The sidewalks outside the White House are teeming with life again, a welcome sight after more than a year closed to pedestrians. Cue the protesters, a reminder that free speech is a bedrock American value – and a sign that, despite its challenges, Washington remains a beacon of hope for Americans of many proud national origins.
This week, it was Cuban Americans, shouting “Libertad!” – liberty – and wearing “SOS Cuba” T-shirts in support of the rare protests taking place on the communist island nation.
“We want a military intervention to throw out the regime,” says Havana native Camilo Sanchez, a Cuban flag draped over his shoulders.
On Sunday, it will be Belarusian Americans staging a rally, on nearby Freedom Plaza. The former Soviet republic’s opposition leader, Sviatlana Tsikhanouskaya, will be in Washington next week for meetings, including at the White House. Her supporters view her as president-elect of Belarus, after strongman Alexander Lukashenko claimed electoral victory last summer amid allegations of widespread fraud.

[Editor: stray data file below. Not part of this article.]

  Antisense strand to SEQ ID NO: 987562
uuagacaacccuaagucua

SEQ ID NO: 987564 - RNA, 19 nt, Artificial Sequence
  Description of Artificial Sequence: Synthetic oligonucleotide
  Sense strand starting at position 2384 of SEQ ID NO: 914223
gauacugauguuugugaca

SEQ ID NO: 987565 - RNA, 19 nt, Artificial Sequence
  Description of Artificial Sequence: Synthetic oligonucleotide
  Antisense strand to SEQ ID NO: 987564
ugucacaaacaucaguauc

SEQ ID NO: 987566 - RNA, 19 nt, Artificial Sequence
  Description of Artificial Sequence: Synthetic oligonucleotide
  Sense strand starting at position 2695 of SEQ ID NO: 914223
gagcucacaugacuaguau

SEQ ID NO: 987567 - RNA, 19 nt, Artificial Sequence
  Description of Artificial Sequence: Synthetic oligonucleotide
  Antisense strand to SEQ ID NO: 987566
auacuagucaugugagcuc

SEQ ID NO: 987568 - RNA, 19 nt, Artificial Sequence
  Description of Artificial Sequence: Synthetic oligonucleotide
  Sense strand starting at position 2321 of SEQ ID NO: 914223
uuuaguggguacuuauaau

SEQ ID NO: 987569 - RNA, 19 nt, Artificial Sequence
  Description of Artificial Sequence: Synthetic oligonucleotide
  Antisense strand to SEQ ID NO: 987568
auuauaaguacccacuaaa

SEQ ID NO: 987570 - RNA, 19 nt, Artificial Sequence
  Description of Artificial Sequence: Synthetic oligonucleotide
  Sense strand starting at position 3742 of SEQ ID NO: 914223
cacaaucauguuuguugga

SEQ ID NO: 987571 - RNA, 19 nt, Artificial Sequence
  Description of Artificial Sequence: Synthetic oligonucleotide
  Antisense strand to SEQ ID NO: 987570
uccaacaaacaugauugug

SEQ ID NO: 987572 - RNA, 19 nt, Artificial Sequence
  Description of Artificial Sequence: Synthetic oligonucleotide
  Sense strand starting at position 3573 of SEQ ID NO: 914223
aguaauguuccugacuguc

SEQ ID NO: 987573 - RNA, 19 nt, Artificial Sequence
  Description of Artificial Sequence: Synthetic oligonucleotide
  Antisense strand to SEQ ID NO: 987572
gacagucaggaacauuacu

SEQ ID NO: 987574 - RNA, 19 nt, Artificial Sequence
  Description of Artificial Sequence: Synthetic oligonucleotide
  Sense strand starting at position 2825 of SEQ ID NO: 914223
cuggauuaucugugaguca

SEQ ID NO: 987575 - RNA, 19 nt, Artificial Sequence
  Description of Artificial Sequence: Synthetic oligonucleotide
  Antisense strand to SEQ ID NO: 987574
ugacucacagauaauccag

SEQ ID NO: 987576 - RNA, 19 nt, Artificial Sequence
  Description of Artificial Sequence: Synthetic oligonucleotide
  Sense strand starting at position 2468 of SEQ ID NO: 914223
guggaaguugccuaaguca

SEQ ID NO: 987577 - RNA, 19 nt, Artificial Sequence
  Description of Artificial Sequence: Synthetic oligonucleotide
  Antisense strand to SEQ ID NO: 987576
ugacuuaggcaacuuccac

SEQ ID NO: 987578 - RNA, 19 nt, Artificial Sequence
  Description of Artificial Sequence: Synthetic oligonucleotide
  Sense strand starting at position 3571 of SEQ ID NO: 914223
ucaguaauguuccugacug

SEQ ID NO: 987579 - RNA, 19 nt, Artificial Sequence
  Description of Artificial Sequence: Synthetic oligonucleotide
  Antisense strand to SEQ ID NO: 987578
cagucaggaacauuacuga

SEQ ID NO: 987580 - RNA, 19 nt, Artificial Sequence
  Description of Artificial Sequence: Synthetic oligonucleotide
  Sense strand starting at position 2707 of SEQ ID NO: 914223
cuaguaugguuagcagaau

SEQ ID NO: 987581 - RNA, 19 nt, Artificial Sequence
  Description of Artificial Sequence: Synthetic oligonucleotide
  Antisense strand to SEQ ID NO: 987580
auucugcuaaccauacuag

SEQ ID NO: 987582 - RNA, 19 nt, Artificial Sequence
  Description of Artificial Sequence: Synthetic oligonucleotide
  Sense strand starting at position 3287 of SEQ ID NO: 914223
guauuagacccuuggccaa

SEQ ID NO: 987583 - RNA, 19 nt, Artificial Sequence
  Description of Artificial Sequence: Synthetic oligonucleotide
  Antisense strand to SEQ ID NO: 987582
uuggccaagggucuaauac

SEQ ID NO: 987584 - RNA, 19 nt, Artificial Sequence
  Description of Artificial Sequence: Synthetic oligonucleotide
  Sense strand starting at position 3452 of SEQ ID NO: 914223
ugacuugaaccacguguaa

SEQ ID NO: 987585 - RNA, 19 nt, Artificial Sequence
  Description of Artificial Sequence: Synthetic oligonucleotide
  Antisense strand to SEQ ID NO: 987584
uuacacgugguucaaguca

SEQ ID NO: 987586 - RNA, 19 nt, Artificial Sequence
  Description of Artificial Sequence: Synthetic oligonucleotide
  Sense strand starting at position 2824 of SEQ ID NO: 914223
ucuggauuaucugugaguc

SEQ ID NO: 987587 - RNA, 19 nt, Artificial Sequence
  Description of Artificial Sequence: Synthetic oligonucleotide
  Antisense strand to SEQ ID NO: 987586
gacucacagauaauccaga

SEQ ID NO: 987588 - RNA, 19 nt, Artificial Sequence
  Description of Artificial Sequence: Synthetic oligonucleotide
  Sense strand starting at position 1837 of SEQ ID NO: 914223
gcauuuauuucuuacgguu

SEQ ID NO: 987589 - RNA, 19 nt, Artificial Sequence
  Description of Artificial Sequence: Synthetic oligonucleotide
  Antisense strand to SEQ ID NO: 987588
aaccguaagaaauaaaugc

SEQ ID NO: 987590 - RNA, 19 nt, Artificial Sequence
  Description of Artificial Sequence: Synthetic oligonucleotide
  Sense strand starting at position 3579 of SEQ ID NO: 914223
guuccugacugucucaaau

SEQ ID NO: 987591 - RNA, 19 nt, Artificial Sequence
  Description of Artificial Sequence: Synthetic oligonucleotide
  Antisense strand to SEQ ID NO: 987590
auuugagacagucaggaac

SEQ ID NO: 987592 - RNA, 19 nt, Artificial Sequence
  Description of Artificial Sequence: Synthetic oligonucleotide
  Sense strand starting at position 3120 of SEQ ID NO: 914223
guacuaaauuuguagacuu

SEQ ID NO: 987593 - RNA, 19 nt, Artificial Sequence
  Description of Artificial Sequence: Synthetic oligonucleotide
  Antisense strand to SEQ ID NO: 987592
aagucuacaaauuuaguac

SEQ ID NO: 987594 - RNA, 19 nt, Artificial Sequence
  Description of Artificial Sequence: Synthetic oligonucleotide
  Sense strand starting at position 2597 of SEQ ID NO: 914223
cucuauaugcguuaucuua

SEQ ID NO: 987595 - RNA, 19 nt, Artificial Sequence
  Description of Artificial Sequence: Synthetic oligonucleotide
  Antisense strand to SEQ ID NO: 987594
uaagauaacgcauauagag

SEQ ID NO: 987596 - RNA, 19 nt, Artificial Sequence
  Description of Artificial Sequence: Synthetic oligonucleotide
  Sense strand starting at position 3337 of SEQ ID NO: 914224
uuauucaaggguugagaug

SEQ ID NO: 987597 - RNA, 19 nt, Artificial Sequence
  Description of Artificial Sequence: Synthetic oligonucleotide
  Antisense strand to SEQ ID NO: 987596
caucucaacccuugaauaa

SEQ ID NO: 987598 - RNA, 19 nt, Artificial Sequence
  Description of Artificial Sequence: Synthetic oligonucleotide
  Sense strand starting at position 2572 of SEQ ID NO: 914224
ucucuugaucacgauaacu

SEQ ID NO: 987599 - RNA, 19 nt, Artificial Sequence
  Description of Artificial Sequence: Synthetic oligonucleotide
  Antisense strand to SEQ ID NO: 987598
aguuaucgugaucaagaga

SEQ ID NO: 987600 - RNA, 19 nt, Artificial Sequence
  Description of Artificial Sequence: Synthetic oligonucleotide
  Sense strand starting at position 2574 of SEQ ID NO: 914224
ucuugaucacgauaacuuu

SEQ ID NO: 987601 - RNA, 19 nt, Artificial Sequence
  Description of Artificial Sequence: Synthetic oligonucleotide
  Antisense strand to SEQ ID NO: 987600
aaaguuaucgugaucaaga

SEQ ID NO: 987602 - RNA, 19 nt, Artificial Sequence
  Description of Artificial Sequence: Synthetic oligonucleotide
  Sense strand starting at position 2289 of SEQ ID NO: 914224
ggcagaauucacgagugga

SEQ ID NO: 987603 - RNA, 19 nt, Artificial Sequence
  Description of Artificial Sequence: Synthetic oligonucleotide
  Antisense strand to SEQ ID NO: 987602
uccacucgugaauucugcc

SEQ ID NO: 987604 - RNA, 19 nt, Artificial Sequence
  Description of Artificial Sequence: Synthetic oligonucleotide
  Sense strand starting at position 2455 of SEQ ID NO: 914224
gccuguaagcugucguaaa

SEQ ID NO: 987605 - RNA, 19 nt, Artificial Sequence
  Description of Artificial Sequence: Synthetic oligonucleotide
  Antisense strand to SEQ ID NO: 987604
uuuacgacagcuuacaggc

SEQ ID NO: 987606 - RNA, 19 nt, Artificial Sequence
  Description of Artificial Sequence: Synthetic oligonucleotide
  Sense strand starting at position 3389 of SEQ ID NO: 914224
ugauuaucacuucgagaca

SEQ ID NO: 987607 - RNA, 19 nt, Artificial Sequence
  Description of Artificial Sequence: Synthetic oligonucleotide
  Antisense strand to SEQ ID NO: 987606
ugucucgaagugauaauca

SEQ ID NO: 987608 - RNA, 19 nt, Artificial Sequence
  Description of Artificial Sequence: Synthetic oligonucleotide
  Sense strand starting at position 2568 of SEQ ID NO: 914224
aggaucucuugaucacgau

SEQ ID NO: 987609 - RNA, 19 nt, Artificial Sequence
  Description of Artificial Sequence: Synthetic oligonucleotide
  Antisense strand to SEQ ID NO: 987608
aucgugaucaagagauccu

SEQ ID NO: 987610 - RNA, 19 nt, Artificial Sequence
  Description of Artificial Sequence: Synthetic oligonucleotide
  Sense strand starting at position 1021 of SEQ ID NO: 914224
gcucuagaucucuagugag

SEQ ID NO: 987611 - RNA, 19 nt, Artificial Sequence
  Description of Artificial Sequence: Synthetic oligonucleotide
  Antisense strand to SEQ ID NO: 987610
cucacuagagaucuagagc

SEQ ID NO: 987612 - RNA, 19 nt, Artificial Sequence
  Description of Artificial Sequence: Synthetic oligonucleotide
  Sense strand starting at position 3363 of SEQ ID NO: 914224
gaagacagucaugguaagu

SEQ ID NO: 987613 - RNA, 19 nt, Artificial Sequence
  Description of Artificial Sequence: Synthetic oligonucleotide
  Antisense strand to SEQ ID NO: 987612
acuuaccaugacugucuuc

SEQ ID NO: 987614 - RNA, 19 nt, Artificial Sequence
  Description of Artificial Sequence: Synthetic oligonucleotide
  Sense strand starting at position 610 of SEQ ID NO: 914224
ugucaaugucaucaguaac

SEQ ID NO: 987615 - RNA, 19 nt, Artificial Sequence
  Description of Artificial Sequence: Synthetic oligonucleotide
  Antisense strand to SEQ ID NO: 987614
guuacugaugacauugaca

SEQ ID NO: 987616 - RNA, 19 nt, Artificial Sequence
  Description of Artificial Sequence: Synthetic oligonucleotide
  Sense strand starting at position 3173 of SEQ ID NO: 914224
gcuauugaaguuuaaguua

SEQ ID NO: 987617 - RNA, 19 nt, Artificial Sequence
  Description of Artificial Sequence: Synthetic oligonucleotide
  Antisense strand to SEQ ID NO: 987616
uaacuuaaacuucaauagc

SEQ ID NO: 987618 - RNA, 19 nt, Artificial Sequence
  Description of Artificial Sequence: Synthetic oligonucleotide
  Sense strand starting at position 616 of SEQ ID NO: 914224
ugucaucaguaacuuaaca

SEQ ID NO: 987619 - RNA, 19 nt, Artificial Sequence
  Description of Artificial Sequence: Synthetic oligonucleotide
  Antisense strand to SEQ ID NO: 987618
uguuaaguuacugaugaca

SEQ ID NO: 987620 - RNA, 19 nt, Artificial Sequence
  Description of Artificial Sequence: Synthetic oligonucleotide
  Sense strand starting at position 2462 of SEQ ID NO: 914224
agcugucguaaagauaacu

Belarusian immigrant Denis Baranov, who arrived here as a teen 20 years ago, tells me the best outcome of Ms. Tsikhanouskaya’s visit would be quick U.S. actions that “really hurt Lukashenko and his cronies” – say, stricter economic sanctions.
Haitian Americans, too, are watching the Biden administration closely after the July 7 assassination of Haiti’s president. And even though Haitian authorities requested a U.S. military intervention to stabilize the country, Haitian Americans are wary of the idea, given the U.S.’s fraught history there.
Each country’s situation is unique, but there’s a common thread: the deep connection many U.S. immigrants feel to their native land.